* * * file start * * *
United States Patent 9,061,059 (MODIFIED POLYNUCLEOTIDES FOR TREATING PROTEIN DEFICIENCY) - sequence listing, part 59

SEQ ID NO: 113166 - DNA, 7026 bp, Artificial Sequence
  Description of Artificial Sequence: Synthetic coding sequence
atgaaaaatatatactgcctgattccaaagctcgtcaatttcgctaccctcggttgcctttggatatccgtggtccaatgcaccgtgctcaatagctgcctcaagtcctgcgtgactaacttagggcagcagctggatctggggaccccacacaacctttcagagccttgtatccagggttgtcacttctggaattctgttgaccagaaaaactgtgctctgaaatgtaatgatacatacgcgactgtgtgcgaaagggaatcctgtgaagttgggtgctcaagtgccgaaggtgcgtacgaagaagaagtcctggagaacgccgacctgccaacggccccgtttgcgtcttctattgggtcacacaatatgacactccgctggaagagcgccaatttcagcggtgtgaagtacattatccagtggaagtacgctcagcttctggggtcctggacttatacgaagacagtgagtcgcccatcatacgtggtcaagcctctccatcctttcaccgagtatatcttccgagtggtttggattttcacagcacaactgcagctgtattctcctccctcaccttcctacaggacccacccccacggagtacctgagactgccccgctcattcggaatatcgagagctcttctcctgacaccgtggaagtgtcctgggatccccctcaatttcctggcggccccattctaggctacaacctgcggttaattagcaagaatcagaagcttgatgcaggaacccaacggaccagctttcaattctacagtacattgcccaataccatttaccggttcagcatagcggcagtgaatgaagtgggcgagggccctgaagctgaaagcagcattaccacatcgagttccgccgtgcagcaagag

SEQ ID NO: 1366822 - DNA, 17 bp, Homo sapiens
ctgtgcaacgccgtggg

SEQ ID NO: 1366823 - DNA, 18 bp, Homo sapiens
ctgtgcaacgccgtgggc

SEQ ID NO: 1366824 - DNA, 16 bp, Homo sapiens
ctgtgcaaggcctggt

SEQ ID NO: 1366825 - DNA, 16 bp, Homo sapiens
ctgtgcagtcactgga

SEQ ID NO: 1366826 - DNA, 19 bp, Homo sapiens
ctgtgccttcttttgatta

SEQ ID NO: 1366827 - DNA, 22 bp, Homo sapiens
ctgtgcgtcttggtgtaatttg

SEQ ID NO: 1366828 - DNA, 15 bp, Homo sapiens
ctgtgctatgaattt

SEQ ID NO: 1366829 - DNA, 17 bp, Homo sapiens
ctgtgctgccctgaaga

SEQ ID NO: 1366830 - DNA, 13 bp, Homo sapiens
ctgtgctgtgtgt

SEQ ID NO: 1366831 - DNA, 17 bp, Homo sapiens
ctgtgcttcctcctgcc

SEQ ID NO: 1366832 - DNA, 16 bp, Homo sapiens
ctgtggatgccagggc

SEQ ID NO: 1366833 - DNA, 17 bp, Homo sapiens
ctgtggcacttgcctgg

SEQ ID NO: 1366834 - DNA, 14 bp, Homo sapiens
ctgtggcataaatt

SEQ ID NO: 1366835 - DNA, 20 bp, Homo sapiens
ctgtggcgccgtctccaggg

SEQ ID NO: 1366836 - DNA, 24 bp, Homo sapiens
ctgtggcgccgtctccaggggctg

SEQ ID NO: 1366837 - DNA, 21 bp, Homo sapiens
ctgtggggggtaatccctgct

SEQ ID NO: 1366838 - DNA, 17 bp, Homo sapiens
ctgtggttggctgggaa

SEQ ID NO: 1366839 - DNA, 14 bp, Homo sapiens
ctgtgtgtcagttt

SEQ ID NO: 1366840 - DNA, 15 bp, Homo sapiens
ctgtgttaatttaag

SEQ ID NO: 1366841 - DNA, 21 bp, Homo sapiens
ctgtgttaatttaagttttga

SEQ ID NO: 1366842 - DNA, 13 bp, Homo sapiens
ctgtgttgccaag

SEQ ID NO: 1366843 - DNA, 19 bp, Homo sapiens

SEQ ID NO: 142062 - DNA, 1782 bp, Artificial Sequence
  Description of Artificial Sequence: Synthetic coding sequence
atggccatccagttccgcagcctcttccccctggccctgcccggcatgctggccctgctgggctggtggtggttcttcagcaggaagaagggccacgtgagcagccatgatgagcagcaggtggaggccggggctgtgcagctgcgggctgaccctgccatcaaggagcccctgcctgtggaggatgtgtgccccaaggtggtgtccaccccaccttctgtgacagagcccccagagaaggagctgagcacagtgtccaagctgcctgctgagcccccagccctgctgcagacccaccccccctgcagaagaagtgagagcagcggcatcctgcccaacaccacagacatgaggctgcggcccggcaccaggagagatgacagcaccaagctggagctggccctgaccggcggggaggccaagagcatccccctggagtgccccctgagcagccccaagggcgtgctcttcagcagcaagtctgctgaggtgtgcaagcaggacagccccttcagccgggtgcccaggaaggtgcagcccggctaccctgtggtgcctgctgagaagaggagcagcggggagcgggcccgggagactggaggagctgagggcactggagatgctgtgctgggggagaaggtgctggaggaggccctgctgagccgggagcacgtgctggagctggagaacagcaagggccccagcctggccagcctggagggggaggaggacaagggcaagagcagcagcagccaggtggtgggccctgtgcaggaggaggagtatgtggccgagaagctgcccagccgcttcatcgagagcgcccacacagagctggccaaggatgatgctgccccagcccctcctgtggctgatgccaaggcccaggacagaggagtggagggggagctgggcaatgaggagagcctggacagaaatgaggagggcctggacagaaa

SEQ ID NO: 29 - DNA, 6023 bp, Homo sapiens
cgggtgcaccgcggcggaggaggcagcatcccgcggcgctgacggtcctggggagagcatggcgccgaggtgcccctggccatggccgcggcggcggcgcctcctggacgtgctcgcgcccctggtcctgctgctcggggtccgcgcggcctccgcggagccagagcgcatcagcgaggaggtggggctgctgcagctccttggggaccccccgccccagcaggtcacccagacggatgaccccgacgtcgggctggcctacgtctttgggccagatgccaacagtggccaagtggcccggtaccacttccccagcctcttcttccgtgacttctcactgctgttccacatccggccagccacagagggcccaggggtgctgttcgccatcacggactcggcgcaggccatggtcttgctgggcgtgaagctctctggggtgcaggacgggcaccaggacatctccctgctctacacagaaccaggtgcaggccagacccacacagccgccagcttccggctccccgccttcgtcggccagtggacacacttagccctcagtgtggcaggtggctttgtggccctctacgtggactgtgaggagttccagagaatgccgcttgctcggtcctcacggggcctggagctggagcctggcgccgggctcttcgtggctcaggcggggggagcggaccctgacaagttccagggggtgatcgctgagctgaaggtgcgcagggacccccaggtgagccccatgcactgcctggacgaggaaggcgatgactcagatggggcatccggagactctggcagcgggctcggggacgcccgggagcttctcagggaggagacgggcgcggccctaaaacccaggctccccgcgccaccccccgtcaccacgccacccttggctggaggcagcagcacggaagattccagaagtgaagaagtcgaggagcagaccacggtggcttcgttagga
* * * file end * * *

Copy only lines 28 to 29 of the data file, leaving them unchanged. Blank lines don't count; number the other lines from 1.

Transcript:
ctgtggcacttgcctgg

SEQ ID NO: 1366834 - DNA, 14 bp, Homo sapiens